WASHINGTON, Jan. 6, 2020 /PRNewswire/ -- Novel research shows that a blood test can differentiate elderly concussion patients with brain tissue damage from those without it. This finding, published in the special brain health collection of AACC's The Journal of Applied Laboratory Medicine, could help ensure that elderly patients with severe concussions receive crucial treatment for their injuries.
Traumatic brain injury is a significant health concern among the elderly, with adults age 75 or older experiencing rates of traumatic brain injury-related hospitalization and death that are higher than any other age group. Most traumatic brain injuries that the elderly incur are concussions, which can cause intracranial bleeding (i.e. bleeding within the skull) that must be treated immediately. Diagnosing intracranial bleeding in the elderly comes with numerous challenges, though. The American College of Emergency Physicians recommends that all elderly concussion patients undergo computed tomography (CT) scans to check for intracranial bleeding, because issues such as age-related cognitive decline or dementia can mask signs of bleeding-induced mental impairment. However, CT scans are very expensive and expose patients to radiation, and both the healthcare system and patients would benefit from reduced CT scan use.
Recently, the Food and Drug Administration authorized a blood test that identifies head injury patients who have brain tissue damage that needs to be assessed via CT scan. This blood test was not specifically designed for elderly patients, though, so a team of researchers led by Robert H. Christenson, PhD, of the University of Maryland School of Medicine in Baltimore, set out to determine how well the test performs in patients age 65 years or older. To do this, Christenson's team retrospectively analyzed data from the Prospective Clinical Evaluation of Biomarkers of Traumatic Brain Injury (ALERT-TBI) study. In this study, 1,959 adult patients with a concussion underwent both a CT scan and blood test for brain tissue damage within 12 hours of their injury. Christenson's team compared the results of the CT scan and blood test—which measures the proteins glial fibrillary acidic protein (GFAP) and ubiquitin carboxyl-terminal esterase L1 (UCH-L1)—in patients 65 years of age or older and in patients younger than 65.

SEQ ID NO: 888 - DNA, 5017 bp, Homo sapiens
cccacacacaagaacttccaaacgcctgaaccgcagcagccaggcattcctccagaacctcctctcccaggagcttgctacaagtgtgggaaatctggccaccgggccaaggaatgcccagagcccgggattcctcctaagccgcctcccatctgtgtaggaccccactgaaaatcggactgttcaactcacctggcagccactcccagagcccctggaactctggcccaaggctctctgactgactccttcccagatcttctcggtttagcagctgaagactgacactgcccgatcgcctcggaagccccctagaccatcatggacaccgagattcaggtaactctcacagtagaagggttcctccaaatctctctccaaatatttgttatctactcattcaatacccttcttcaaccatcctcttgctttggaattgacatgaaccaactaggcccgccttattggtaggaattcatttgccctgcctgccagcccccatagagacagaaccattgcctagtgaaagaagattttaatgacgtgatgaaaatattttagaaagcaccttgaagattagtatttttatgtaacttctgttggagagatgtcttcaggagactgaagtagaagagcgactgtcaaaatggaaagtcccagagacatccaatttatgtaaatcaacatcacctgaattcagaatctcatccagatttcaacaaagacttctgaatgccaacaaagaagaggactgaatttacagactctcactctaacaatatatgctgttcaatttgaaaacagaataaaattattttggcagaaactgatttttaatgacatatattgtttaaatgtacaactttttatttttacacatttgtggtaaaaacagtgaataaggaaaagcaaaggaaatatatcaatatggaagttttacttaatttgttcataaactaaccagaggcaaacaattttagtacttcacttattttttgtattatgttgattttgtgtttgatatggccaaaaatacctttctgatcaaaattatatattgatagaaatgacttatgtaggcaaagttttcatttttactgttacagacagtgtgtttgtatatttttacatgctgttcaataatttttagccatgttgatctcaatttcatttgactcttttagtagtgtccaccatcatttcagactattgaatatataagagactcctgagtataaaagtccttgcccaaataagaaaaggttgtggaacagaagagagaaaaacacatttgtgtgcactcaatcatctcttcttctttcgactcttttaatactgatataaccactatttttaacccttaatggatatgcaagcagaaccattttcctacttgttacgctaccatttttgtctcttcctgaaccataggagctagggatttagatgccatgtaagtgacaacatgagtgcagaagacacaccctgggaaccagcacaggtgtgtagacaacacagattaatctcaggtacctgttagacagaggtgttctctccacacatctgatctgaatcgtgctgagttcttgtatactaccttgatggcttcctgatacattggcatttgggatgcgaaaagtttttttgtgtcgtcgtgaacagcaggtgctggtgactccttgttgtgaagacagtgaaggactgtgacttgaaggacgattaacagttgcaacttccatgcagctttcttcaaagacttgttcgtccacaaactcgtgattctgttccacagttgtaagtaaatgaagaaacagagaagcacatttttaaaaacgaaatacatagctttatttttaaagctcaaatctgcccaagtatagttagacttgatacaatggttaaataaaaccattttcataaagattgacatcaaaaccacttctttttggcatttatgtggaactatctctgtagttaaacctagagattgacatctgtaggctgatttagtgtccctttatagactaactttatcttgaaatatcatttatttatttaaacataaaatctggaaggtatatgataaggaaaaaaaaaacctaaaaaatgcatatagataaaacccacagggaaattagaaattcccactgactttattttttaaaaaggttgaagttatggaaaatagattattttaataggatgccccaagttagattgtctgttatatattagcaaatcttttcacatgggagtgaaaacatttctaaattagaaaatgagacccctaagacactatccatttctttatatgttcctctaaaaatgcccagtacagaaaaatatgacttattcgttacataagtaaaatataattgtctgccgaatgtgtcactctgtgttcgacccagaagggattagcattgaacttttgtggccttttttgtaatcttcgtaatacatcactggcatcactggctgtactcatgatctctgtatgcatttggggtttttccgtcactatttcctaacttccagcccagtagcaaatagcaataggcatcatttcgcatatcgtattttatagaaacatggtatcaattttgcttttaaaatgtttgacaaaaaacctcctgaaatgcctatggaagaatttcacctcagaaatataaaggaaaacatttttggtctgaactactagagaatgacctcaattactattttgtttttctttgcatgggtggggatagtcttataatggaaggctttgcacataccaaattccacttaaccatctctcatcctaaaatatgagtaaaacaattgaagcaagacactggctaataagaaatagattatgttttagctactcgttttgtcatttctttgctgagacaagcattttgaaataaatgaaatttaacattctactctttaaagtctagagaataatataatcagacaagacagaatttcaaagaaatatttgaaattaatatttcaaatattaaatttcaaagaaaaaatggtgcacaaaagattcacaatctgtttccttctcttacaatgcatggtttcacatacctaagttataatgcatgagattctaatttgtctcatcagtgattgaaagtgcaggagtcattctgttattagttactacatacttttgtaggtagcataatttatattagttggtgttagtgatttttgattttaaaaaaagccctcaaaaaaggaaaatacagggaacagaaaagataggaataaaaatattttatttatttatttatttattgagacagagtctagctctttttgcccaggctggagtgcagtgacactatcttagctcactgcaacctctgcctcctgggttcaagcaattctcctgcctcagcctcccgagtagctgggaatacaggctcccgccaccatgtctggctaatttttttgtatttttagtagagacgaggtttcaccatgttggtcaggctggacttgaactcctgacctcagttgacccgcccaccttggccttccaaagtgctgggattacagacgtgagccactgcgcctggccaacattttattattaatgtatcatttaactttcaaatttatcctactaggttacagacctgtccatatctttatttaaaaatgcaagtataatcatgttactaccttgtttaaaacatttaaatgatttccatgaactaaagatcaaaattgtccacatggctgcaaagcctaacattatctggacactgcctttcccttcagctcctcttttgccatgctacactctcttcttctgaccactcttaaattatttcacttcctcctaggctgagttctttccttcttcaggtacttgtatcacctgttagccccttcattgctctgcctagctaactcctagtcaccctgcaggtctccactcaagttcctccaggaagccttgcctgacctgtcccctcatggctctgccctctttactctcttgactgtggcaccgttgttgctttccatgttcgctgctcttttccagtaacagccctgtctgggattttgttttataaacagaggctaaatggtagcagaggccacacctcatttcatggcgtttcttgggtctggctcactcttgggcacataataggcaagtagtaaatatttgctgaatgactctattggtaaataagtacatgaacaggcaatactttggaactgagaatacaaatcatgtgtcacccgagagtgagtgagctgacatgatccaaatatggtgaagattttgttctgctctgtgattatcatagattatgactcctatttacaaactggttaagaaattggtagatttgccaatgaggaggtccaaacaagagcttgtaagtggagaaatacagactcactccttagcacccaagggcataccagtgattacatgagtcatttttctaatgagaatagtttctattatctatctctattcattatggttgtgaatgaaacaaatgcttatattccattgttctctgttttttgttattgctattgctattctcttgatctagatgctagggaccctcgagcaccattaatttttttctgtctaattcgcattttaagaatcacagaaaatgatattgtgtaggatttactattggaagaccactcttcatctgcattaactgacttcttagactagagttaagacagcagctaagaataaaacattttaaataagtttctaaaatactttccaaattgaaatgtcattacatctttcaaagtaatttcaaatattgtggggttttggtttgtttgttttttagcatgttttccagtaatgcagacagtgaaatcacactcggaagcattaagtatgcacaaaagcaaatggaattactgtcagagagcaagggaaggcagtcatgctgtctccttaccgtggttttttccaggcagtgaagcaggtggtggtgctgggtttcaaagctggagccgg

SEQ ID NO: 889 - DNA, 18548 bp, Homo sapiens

From this comparison, the researchers found that the GFAP/UCH-L1 blood test predicts with 100% accuracy which elderly concussion patients do not have brain tissue damage and do not need a CT scan. Hospitals can therefore use this test to triage elderly concussion patients so that clinicians can focus on those most likely to require urgent intervention for intracranial bleeding. Importantly, however, the researchers also found that the test does not accurately identify elderly patients who do have brain tissue damage, which means that the test should only be used as a triage tool, not as a replacement for CT scans.
"This post-hoc analysis of the ALERT-TBI study further validates the utility of the [mild traumatic brain injury] serum assay as a rule-out test across the spectrum of adult ages, based on equivalent sensitivity and negative predictive value," said Christenson. "However, the identified differences in specificity and serum GFAP/UCH-L1 values in elderly [traumatic brain injury] patients limits use as a rule-in test, and highlights age-specific characteristics that must be considered in the use of the predictive markers in elderly [mild traumatic brain injury] patients."
Dedicated to achieving better health through laboratory medicine, AACC brings together more than 50,000 clinical laboratory professionals, physicians, research scientists, and business leaders from around the world focused on clinical chemistry, molecular diagnostics, mass spectrometry, translational medicine, lab management, and other areas of progressing laboratory science. Since 1948, AACC has worked to advance the common interests of the field, providing programs that advance scientific collaboration, knowledge, expertise, and innovation. For more information, visit www.aacc.org.
Launched by AACC in 2016, The Journal of Applied Laboratory Medicine (jalm.org) is an international, peer-reviewed publication showcasing the applied research in clinical laboratory science that is driving innovation forward in healthcare.
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